Cross-cultural psychiatry

Cross-cultural psychiatry

Cross-cultural psychiatry or transcultural psychiatry is a branch of psychiatry concerned with the cultural and ethnic context of mental disorders and psychiatric services. It emerged as a coherent field from several strands of work, including surveys of the prevalence and form of disorders in different cultures or countries; the study of migrant populations and ethnic diversity within countries; and analysis of psychiatry itself as a cultural product. The early literature was associated with colonialism and with observations by asylum psychiatrists or anthropologists who tended to assume the universal applicability of Western psychiatric diagnostic categories. A seminal paper by Arthur Kleinman in 1977[1] followed by a renewed dialogue between anthropology and psychiatry, is seen as having heralded a "new cross-cultural psychiatry". However, Kleinman later pointed out that culture often became incorporated in only superficial ways, and that for example 90% of DSM-IV categories are culture-bound to North America and Western Europe, and yet the "culture-bound syndrome" label is only applied to "exotic" conditions outside Euro-American society.[2]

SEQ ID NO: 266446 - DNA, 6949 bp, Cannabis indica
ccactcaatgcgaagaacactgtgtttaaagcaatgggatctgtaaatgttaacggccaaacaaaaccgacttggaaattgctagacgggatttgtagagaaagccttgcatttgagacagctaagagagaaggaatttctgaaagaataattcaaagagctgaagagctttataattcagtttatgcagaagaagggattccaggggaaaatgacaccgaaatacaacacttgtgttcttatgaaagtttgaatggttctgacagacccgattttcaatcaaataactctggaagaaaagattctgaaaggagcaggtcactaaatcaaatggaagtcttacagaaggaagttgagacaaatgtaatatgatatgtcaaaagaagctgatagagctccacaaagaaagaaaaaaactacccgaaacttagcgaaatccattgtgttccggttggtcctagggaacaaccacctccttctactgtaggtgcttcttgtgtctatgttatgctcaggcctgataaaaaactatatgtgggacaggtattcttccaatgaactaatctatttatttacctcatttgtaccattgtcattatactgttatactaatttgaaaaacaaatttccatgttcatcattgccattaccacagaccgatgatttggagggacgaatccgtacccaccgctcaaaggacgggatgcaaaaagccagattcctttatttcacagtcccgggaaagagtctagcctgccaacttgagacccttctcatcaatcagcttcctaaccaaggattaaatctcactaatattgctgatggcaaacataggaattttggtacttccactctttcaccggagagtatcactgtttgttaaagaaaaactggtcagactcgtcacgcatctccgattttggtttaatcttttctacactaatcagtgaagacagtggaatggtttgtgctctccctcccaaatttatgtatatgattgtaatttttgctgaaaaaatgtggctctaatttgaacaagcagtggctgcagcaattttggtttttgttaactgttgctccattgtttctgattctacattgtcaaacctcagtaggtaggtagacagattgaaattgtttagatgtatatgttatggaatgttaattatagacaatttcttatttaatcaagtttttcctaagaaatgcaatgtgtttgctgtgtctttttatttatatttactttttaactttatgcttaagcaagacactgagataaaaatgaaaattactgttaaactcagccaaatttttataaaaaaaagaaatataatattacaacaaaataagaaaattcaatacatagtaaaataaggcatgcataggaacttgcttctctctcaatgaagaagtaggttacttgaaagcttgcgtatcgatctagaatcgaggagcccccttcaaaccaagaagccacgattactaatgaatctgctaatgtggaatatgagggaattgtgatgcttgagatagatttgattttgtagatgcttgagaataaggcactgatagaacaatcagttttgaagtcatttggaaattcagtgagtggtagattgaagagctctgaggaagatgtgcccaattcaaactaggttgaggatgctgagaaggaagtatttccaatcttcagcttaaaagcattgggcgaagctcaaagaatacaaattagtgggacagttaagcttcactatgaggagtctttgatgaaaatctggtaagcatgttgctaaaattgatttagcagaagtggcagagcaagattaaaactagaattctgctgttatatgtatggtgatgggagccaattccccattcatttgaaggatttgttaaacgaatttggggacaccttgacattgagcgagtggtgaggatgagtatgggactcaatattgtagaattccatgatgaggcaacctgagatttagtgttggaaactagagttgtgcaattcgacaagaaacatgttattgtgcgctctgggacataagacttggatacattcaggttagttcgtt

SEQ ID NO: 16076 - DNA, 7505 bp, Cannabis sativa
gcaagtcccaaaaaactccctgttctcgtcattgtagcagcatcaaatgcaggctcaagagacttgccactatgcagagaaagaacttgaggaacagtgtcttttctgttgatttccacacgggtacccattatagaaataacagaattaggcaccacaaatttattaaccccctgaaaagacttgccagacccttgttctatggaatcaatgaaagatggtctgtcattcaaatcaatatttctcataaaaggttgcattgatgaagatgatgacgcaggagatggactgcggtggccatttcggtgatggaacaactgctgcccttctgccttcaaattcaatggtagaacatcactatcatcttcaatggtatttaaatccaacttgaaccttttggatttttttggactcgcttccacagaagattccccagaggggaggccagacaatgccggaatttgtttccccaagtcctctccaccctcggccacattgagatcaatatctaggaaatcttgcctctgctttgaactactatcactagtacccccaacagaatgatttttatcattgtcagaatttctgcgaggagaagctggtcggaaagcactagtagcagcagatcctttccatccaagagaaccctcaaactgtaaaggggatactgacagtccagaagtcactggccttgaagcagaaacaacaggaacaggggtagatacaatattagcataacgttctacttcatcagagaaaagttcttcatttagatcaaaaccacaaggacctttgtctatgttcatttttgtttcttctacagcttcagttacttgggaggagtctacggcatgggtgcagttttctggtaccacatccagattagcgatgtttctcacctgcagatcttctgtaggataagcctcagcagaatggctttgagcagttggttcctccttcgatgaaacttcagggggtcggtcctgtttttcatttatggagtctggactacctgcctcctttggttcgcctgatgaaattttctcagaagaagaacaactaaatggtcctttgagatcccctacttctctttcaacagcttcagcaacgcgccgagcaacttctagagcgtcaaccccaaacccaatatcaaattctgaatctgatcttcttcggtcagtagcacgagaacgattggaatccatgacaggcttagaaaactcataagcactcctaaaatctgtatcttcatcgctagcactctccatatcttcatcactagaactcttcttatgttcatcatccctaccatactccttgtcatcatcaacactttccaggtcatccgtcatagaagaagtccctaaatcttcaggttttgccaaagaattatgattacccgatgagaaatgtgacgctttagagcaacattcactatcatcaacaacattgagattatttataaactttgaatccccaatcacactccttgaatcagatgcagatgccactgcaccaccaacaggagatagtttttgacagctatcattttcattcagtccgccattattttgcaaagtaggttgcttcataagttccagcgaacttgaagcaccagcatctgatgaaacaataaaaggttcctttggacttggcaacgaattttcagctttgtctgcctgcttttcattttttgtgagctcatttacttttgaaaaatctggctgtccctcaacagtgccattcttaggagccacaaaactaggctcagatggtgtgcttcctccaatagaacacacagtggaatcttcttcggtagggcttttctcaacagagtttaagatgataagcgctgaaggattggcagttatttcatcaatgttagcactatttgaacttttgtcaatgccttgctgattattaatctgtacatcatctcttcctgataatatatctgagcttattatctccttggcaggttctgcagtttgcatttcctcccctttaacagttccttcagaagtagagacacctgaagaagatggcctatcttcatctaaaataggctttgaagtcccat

It is argued that a cultural perspective can help psychiatrists become aware of the hidden assumptions and limitations of current psychiatric theory and practice and can identify new approaches appropriate for treating the increasingly diverse populations seen in psychiatric services around the world.[3]

The field has, ironically,[4] increasingly had to address the process of globalization.

It is said every city has a different culture and that the urban environment, and how people adapt or struggle to adapt to it, can play a crucial role in the onset or worsening of mental illness.[5]